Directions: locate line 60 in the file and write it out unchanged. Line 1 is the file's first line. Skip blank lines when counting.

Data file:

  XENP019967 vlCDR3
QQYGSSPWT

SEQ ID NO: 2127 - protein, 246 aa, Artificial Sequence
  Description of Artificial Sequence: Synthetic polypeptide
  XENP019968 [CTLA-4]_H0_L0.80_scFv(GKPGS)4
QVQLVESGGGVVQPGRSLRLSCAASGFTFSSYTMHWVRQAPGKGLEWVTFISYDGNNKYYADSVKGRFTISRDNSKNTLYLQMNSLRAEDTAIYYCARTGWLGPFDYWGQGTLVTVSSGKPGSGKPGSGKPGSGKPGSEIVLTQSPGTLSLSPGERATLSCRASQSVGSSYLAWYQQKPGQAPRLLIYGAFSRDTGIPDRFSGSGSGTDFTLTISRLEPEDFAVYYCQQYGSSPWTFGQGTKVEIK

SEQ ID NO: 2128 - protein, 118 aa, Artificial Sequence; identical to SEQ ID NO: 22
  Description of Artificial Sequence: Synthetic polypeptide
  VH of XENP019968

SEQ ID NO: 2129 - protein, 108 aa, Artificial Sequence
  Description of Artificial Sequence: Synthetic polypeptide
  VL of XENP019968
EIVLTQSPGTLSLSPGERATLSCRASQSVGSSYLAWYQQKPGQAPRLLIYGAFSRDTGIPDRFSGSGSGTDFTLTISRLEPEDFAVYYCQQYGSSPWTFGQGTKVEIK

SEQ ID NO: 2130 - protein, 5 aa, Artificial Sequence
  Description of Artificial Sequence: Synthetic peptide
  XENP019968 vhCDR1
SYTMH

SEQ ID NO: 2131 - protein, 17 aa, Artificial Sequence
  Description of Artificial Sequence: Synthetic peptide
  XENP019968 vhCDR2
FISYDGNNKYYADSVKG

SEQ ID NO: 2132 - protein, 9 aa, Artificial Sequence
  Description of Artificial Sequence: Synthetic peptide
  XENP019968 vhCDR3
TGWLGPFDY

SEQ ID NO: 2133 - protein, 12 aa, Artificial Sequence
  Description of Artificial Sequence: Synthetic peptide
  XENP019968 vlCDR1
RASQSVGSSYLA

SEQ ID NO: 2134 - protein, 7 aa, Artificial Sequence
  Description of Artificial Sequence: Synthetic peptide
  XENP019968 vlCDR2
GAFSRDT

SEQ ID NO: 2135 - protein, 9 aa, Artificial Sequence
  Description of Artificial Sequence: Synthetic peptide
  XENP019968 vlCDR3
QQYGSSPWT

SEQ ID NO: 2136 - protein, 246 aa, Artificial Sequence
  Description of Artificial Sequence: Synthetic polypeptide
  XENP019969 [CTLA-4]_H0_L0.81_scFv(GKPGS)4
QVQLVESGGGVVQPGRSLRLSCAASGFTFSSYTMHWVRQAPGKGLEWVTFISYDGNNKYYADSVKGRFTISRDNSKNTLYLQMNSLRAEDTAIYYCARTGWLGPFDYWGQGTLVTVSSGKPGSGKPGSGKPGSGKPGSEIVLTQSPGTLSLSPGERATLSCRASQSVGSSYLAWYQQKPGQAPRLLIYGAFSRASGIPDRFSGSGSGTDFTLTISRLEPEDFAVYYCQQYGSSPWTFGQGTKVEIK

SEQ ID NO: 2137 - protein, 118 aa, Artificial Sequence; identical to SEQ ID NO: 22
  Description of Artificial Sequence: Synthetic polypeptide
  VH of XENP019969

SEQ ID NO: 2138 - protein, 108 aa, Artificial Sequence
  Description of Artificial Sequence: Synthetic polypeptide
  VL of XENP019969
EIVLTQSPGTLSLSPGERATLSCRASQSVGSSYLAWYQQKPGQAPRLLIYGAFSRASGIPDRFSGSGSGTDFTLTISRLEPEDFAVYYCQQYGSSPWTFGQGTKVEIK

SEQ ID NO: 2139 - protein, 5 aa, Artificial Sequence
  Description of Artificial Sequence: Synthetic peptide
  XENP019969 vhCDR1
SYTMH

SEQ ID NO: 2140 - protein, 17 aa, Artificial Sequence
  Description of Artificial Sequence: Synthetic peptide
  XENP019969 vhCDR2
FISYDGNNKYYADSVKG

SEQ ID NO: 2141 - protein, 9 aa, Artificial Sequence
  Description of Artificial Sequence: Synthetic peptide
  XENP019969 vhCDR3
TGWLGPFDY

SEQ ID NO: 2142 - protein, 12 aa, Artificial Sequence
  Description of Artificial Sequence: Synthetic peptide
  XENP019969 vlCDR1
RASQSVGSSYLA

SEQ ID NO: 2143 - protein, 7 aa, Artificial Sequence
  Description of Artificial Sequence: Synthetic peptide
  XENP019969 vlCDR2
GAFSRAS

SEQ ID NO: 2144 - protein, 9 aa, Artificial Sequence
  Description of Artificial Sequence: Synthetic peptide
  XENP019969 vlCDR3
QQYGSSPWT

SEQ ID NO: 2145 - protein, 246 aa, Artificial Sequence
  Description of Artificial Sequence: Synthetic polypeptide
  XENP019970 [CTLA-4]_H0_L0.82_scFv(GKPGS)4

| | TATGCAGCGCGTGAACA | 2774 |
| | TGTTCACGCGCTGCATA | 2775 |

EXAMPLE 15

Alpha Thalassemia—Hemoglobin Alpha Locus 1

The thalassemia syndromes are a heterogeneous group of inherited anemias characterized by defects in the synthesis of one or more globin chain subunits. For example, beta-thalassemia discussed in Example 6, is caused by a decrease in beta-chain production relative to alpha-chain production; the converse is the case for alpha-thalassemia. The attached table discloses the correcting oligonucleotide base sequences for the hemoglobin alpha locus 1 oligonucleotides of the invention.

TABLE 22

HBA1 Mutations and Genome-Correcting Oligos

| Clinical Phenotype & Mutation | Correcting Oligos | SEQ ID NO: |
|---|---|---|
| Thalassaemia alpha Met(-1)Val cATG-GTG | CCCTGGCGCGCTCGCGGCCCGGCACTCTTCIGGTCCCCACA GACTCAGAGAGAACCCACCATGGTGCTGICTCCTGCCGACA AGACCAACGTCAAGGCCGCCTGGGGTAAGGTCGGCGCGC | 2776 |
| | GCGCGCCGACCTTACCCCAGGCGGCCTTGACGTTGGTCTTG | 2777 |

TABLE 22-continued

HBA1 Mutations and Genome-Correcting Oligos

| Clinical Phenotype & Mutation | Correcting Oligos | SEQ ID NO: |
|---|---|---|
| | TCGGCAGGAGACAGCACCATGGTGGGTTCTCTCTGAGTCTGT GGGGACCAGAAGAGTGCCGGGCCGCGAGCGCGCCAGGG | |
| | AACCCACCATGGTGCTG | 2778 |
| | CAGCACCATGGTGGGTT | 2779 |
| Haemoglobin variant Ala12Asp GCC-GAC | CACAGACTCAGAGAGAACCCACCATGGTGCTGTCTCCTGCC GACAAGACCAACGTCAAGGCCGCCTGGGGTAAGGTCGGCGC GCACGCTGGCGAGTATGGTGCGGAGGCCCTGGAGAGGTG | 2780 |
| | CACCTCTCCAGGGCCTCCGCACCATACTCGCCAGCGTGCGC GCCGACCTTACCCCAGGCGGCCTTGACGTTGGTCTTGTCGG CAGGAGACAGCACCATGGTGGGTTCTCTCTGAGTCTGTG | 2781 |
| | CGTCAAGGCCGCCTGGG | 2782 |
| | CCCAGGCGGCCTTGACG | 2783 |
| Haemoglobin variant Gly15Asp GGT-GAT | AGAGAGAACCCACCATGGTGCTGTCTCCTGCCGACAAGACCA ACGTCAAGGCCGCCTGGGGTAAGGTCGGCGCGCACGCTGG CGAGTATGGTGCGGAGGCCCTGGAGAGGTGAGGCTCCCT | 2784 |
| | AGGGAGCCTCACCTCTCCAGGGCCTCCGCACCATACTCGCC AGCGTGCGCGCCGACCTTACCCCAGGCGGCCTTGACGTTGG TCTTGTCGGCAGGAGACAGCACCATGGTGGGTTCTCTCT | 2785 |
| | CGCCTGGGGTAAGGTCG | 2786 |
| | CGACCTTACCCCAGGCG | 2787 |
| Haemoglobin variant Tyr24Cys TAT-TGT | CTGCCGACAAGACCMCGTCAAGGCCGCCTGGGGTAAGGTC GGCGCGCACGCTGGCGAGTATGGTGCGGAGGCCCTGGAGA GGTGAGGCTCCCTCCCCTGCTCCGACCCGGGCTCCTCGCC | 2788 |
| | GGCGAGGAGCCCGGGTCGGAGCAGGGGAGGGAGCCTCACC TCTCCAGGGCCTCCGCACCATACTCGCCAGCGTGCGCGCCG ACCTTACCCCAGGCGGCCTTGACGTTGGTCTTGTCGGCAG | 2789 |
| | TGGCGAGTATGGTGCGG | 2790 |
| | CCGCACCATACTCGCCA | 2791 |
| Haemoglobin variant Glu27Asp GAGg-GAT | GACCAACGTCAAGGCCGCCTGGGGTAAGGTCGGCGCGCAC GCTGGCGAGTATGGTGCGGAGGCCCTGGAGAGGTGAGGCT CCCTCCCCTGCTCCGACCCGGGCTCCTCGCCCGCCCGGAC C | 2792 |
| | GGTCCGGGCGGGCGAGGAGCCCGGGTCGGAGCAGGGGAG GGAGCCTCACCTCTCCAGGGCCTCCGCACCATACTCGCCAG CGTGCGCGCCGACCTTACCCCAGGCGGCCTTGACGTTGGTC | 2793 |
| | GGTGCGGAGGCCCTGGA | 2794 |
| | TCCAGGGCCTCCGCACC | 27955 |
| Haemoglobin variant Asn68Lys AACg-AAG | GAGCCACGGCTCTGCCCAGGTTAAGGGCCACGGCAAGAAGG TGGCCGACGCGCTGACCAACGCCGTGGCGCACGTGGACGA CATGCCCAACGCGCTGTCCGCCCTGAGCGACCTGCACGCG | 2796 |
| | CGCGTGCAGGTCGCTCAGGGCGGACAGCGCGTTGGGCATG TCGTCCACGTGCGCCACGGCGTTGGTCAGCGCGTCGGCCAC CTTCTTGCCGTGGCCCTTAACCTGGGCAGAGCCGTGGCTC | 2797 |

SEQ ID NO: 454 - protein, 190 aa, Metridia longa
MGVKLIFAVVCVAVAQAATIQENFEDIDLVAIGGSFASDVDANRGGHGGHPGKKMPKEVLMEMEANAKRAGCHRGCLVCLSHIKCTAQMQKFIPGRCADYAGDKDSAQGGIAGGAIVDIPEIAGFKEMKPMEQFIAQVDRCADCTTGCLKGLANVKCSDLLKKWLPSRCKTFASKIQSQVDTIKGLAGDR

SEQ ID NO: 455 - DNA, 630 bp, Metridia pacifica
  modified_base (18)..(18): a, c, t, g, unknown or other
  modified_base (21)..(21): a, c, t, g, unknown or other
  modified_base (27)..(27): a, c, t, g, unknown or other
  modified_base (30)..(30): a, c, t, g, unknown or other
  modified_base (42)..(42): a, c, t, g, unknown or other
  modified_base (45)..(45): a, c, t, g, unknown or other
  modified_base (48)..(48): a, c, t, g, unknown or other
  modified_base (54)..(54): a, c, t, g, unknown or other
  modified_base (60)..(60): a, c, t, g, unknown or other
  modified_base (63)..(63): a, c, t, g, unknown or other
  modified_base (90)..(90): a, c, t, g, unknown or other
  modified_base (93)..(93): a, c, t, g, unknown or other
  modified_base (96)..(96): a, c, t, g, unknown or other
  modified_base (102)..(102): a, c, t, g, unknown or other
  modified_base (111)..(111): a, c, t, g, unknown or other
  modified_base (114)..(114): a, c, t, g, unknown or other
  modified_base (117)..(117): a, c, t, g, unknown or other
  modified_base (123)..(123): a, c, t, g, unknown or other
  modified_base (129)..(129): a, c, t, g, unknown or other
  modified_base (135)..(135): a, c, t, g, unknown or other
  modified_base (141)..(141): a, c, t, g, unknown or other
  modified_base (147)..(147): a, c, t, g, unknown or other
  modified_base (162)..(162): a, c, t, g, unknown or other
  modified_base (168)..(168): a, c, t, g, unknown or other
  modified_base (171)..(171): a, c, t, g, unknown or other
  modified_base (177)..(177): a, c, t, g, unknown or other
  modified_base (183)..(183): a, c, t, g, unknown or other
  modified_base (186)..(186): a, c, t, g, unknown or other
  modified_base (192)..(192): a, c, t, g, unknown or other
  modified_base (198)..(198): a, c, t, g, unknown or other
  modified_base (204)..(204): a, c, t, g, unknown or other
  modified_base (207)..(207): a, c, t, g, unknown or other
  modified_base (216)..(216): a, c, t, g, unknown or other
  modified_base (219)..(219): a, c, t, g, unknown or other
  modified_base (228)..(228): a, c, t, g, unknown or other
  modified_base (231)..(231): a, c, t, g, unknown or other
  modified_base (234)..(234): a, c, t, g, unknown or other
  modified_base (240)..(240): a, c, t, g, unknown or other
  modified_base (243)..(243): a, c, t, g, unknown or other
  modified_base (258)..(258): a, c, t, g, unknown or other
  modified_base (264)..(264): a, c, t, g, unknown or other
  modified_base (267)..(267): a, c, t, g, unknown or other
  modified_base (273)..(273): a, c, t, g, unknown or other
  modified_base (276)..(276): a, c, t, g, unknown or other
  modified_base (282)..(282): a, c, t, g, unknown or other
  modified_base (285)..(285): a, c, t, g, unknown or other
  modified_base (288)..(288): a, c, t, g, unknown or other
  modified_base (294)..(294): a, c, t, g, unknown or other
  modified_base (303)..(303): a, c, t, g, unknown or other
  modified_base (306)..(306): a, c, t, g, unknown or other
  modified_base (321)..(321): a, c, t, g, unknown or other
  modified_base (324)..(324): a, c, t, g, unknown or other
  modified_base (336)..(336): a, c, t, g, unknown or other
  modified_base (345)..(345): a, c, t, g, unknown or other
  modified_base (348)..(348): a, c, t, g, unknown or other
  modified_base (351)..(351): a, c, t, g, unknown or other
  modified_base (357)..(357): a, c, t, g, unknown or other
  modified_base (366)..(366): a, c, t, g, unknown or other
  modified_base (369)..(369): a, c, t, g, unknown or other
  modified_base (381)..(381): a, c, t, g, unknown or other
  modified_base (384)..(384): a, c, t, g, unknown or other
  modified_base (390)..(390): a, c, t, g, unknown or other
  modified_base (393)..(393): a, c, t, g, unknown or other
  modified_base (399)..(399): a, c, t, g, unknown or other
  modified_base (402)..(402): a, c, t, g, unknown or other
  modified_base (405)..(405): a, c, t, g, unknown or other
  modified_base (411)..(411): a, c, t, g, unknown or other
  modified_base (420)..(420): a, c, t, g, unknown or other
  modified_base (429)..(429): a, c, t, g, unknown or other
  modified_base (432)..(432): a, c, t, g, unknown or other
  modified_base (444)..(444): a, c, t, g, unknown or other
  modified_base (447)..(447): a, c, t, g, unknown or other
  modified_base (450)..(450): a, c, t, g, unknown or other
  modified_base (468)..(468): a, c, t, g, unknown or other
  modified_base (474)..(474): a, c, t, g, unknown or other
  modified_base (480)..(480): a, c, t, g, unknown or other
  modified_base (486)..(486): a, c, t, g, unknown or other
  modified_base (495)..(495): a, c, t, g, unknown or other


TGWLGPFDY